Halloween is easily my favorite holiday. The many universal traditions involved with the holiday make Halloween both fun and unique. Some familiar rituals include carving pumpkins, searching for the perfect costume, trick-or-treating, decorating homes in spooky décor, or going through spook alleys. However, these traditions have ancient European and paganistic roots. Join Dynagrace Enterprises on our unique Halloween-themed blog on the history of common Halloween traditions.

The Date of October 31st

In 609 A.D., Christian leader, Pope Boniface IV, declared May 13th “All Martyrs Day.” This holiday persisted for nearly 200 years until the eighth century when Pope Gregory III declared that the celebration failed to recognize saints. He then mandated November 1st be a holiday celebrating all martyrs as well as saints. This holiday became known as “All Saints Day.” However, the new holiday overlapped with the Celtic New Year on the same day. The Celts had superstitious beliefs and would fill the holiday night with bonfires and chants to ward off evil spirits.

With the holidays on the same day, the principles and ideas behind them merged. Since the Celts believed that November 1st marked the end of summer and the beginning of the dark and deadly winter, the holiday became based on the idea that the veil between life and death was at its thinnest the day before the winter months began. This ideology meant that spirits could travel to the world of the living for one night. This new holiday on the 31st of October became known as Samheim or Holy Eve.

As the European ethnic groups meshed, Halloween became more commonplace. Now, the holiday is marked with numerous parties, people dressed in costumes, and ghost stories to celebrate the undead.

Iconic Halloween Colors

Based on ancient Celtic rituals, November 1st marked the end of the year and beginning of the cold and deadly winter. Many impoverished people died during the winter months because of the low temperatures and the lack of food. However, once warmer weather rolled along, poverty-stricken citizens could plant seeds and grow their harvest. The transition of seasons is the reason behind the classic Halloween hues of black and orange. Celts designated black to symbolize the terrible winters, and orange signified the hope and life associated with the summer months.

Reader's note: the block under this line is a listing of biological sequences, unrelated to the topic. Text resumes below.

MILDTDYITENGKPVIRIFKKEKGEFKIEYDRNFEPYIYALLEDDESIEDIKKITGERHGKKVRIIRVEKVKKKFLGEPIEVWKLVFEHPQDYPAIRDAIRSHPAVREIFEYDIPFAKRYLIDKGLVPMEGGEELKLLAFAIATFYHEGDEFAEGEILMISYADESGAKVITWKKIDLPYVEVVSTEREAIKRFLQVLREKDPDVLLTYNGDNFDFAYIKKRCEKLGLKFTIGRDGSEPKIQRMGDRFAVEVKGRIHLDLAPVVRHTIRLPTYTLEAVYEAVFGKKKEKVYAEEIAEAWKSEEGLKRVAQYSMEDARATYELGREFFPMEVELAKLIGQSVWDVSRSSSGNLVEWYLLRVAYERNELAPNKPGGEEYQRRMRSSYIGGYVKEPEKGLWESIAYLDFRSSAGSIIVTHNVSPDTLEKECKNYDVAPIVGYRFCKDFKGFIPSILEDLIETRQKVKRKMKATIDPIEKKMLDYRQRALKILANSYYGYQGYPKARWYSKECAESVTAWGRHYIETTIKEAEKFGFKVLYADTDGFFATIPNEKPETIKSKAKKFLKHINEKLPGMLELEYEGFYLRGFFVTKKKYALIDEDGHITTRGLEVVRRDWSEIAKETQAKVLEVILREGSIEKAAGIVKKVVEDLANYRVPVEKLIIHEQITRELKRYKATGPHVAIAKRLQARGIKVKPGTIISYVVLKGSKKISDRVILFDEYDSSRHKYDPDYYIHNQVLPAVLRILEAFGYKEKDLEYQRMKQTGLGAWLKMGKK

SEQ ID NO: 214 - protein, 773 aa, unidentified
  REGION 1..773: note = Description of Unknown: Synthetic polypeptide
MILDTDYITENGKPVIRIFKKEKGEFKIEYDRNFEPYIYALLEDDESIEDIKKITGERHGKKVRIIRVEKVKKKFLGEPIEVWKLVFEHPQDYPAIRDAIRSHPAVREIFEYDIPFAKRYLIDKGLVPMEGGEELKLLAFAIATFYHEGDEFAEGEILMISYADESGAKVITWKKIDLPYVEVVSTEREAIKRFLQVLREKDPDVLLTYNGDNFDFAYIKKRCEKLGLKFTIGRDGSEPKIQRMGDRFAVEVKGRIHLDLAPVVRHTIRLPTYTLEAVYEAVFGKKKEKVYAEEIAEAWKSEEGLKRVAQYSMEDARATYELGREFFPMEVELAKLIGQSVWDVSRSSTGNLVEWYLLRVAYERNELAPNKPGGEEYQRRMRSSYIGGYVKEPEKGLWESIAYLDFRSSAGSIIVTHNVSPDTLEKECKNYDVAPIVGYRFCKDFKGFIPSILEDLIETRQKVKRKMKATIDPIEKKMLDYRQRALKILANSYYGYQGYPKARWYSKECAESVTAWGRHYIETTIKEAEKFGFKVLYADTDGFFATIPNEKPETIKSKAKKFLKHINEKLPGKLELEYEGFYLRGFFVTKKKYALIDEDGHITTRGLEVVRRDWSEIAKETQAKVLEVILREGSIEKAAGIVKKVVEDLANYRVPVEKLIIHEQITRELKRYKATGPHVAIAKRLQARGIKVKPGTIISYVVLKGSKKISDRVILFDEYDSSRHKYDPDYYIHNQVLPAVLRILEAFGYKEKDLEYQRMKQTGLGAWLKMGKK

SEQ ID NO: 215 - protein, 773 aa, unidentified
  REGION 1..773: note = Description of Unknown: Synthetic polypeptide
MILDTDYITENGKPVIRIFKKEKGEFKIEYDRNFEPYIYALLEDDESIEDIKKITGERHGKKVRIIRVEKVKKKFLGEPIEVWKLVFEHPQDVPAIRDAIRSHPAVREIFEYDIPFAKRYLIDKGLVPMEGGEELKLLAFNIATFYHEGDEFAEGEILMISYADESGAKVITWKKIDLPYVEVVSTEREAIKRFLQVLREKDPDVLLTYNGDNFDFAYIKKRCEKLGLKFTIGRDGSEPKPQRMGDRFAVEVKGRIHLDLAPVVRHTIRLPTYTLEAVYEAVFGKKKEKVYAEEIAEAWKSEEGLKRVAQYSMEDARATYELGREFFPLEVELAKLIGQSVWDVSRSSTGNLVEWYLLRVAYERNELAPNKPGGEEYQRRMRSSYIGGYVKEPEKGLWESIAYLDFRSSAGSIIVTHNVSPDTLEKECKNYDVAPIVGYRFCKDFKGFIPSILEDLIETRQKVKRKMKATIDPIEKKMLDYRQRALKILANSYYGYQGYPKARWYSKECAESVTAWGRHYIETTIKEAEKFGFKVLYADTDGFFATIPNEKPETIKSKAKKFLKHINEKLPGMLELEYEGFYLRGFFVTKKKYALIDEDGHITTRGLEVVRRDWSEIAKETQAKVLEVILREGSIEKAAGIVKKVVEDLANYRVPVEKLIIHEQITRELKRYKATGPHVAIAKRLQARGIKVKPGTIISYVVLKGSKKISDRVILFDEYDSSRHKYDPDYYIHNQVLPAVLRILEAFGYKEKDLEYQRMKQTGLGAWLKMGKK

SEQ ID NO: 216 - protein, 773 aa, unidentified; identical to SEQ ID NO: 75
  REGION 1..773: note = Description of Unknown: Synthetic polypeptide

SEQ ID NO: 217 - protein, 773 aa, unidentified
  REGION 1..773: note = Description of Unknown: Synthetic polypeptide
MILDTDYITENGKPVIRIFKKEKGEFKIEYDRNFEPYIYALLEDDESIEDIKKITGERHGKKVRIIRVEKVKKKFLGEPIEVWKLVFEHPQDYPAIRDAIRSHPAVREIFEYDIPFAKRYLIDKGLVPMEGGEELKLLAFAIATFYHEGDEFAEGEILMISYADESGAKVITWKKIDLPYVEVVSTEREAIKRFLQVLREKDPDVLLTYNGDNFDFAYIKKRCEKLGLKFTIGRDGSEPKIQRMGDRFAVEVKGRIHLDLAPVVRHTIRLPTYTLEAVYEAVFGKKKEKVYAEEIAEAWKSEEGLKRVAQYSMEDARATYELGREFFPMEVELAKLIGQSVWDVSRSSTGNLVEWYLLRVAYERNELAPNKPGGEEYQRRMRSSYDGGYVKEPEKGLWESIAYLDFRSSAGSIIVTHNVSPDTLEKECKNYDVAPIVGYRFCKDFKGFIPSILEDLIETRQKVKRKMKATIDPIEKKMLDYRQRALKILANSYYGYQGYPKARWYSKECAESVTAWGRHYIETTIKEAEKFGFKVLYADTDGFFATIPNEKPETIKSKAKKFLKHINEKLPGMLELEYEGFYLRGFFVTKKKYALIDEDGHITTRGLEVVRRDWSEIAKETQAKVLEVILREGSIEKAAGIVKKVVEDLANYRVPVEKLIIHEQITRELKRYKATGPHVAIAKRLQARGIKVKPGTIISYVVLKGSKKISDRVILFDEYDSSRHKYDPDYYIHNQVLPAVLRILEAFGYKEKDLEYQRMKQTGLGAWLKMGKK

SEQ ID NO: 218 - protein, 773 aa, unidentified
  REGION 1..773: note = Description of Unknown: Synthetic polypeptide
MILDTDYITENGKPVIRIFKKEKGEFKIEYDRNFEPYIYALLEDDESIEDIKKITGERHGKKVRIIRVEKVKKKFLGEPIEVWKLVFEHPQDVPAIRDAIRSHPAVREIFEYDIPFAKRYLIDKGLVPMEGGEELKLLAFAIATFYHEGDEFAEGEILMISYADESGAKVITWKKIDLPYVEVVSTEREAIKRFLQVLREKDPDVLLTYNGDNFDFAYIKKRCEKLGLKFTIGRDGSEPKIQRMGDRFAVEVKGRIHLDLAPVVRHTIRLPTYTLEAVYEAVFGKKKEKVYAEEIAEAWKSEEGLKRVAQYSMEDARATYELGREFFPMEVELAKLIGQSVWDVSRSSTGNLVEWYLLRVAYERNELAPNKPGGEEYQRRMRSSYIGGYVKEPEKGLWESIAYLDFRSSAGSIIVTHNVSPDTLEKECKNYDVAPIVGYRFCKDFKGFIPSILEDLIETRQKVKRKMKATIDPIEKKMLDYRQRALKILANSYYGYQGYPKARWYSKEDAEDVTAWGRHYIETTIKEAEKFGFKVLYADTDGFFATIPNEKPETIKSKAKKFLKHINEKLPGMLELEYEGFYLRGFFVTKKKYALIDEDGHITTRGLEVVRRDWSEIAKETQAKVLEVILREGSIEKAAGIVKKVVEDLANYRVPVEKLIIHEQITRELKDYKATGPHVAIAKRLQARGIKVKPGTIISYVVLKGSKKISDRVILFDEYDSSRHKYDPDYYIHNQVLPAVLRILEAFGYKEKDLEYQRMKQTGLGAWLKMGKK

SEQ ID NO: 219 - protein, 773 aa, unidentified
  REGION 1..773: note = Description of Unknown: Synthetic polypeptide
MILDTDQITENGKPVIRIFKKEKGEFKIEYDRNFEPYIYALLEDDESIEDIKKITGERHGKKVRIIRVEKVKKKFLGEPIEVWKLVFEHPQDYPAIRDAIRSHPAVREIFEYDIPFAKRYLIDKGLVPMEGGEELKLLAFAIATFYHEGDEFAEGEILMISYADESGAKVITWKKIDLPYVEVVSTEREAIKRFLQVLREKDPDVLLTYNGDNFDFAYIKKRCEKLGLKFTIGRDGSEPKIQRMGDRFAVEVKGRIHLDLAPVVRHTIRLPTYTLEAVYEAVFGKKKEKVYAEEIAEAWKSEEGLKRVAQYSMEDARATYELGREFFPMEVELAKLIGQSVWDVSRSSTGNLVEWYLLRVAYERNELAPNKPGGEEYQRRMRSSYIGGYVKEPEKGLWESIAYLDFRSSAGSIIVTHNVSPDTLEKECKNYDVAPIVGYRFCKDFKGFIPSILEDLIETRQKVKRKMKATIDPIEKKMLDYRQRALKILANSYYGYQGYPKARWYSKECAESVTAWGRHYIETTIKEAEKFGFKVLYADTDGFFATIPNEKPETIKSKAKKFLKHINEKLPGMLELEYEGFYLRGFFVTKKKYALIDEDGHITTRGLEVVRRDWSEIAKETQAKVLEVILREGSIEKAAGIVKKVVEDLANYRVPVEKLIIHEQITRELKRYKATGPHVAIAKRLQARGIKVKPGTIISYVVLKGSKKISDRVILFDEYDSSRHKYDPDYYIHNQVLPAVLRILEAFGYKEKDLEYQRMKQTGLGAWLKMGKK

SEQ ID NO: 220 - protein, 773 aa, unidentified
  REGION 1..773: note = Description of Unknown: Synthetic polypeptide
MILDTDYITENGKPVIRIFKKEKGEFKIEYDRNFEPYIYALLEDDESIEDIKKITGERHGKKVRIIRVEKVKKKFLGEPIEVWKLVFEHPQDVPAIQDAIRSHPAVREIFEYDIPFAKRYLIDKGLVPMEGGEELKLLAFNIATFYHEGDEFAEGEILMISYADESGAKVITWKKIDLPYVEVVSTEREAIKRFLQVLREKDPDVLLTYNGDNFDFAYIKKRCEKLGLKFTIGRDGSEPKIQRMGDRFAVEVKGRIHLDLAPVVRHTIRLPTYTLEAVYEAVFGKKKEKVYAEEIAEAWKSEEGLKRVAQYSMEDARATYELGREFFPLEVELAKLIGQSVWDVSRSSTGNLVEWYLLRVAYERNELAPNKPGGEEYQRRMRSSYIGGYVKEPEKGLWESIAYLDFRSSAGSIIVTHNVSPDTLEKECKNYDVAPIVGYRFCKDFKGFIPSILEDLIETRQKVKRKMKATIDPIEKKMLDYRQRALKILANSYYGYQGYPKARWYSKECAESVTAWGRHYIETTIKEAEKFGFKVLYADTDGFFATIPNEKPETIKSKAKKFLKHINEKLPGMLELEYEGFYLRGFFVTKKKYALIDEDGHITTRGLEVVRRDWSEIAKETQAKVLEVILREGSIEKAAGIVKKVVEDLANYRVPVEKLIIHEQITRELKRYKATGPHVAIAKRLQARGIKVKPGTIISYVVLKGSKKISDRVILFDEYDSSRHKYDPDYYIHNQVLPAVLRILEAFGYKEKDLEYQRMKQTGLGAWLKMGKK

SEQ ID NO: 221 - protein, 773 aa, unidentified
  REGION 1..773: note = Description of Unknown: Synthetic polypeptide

The Name “Halloween”

The term “Halloween” is thought to have originated in Scotland. It derived from the term “Holy Eve” which refers to the day before the Celtic New Year. In 1783, Glasgow poet John Main referred to the holiday as “Hallow-E’en” in his poem. His poetry became so immersed in the Celtic culture that the populace quickly defined October 31st as Hallow-E’en in replacement of Samheim or Holy Eve.


According to old Irish legend, there once existed a man named Stingy Jack who tried to cheat the devil. He repeatedly hunted and imprisoned Satan until he agreed not to send Stingy Jack to Hell when he died. While he successfully avoided going to Hell, he never found his place in Heaven. According to the lore, God barred Stingy Jack from entering the gates of Heaven, so Jack was doomed to straddle both Heaven and Hell or eternity. As a punishment, the devil cursed him to roam the earth forever using a hollowed turnip as a lantern.

Initially, people carved turnips and placed them in their windows to scare away “Jack of the Lantern” as well as other evil spirits. However, as immigrants came to America, they discovered that pumpkins make even better Jack-O-Lanterns.


Wearing costumes on Halloween also has Celtic roots. During Samhain, they believed that the dead walked among the living. They also claimed that the evil spirits sought to harm the populace. However, ghosts couldn’t hurt their kind. Therefore, to protect themselves,  they wore animal skin costumes that they thought disguised them as spirits. These costumes allowed them to hide in plain sight.


Throughout Samhain, the Celts had food offering that served to ward off evil spirits. However, some people began dressing up as ghosts to take advantage of the free food. These devious behaviors helped fuel the trick-or-treat culture.

Furthermore, in the Middle Ages, Christians would celebrate All Saints Day, and the poor would go “souling.” Souling is when individuals would visit a house and offer to say prayers for the family’s dead relatives in exchange for food. These food sacrifices became known as “soul cakes.”

As Halloween became more prevalent in America in the 19th century, the holiday took on a mischievous aspect. Instead of equal exchanges, it became more extortive by implying, “Give us treats, or we will prank you.” This new mindset is how the phrase “Trick or treat” came to be. However, vandalism grew rampant with this mindset, so, in the 1930’s, the communities encouraged the fun trick-or-treating traditions and atmosphere that we have today.


For more information, visit our website https://dynagrace.com/.

Resources: https://www.rd.com/culture/chilling-history-of-halloween-traditions/https://www.thestreet.com/lifestyle/holidays-events/history-of-halloween-14735477https://www.history.com/topics/halloween/history-of-halloween

Picture Resources: Featured Image: https://pixabay.com/en/moon-night-full-moon-gespenstig-703538/.https://pixabay.com/en/jack-o-lanterns-lit-pumpkins-3735386/https://pixabay.com/en/halloween-trick-or-treat-pumpkin-1773447/https://pixabay.com/en/ghost-black-and-white-dark-horror-1280683/https://pixabay.com/en/pumpkin-lady-halloween-1713381/


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